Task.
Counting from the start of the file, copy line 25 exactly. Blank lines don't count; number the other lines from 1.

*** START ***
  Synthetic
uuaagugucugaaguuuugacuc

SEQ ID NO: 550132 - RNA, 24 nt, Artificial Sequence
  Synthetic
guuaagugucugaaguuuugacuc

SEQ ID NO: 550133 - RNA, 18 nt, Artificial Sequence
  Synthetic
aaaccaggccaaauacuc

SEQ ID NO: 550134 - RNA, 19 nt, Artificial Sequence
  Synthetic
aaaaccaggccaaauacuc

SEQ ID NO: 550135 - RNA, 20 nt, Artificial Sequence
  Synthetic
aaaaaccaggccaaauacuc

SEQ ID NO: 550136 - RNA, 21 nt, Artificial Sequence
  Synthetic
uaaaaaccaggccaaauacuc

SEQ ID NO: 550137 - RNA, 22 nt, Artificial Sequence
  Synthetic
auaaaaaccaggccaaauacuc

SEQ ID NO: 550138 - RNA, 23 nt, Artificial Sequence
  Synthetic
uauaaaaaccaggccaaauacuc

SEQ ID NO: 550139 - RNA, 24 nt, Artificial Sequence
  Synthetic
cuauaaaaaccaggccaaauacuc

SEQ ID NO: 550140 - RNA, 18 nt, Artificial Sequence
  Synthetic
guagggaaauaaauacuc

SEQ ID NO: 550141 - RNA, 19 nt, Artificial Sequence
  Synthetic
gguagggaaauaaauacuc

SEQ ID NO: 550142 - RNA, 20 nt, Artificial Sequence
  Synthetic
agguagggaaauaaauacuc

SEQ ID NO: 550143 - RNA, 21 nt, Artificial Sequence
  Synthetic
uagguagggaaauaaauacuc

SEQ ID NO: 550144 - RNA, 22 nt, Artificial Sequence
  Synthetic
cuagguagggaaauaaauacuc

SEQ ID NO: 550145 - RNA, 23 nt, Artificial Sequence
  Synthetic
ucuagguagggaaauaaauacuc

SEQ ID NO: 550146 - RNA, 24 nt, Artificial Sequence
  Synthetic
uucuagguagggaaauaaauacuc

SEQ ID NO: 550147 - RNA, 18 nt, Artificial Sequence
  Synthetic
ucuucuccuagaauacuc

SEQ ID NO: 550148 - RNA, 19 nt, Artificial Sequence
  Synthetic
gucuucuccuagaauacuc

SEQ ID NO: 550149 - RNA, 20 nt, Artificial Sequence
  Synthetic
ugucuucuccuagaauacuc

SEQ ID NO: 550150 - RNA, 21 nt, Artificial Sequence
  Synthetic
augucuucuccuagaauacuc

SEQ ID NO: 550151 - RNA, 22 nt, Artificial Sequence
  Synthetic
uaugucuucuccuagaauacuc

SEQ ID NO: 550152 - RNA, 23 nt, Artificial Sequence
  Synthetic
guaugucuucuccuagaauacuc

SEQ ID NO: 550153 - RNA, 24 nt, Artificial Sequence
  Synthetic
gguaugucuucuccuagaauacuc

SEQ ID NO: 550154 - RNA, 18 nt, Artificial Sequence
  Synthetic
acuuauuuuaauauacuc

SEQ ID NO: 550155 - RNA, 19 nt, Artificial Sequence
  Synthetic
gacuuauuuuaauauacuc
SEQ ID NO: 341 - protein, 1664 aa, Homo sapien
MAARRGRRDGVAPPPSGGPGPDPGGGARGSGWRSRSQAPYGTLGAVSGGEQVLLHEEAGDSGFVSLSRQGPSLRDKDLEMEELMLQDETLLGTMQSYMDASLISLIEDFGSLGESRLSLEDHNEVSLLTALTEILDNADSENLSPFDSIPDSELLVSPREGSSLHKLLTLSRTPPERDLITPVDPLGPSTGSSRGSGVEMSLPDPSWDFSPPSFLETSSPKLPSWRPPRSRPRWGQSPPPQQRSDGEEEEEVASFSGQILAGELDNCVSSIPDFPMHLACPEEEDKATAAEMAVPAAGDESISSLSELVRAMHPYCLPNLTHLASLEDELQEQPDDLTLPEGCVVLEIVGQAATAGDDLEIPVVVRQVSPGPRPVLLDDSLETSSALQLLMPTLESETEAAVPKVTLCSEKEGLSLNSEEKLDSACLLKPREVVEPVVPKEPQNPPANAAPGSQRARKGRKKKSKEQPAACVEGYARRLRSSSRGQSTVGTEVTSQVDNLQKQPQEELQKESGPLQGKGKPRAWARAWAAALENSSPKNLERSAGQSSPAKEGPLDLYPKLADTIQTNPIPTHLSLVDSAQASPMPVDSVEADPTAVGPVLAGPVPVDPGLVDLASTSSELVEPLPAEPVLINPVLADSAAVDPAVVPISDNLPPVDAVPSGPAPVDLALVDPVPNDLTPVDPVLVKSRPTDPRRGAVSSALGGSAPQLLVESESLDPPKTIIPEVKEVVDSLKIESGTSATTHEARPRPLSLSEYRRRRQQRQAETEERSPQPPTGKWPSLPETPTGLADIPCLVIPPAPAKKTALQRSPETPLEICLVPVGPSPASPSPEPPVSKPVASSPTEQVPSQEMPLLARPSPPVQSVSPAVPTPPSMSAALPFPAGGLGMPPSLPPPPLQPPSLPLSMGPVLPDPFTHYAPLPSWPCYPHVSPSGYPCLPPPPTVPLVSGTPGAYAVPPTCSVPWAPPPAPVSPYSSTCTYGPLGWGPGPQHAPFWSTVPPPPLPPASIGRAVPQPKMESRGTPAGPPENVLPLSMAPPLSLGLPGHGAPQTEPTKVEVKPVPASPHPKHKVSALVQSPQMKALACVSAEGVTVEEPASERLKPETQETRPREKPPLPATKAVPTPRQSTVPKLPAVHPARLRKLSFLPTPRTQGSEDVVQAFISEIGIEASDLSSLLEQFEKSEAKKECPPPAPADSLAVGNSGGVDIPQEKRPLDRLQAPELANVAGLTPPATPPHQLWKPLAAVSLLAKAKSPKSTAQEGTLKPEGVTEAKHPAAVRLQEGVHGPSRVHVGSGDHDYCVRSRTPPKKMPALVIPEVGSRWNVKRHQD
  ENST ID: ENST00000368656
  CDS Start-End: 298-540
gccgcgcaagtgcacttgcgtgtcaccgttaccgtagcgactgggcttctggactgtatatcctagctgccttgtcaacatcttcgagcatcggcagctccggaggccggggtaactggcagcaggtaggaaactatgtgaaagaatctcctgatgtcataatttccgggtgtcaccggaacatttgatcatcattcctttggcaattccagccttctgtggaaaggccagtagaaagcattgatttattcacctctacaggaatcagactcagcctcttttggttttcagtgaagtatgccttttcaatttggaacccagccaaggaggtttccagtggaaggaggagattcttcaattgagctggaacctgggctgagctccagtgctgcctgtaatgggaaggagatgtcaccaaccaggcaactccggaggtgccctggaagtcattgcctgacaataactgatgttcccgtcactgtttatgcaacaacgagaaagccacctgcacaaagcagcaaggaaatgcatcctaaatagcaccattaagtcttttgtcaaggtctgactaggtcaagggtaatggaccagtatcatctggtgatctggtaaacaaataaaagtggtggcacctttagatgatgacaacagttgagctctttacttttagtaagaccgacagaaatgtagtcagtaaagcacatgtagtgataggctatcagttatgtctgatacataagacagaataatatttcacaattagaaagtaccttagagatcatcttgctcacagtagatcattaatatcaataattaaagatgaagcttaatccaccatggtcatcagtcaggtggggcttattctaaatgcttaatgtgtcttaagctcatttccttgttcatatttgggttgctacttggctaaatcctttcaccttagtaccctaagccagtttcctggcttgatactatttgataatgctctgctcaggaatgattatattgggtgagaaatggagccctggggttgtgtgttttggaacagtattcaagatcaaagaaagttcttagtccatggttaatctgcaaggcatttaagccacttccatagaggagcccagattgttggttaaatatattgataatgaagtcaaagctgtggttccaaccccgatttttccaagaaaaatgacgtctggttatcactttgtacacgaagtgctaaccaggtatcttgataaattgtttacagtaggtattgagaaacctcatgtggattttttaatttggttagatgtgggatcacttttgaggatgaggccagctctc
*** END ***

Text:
  Synthetic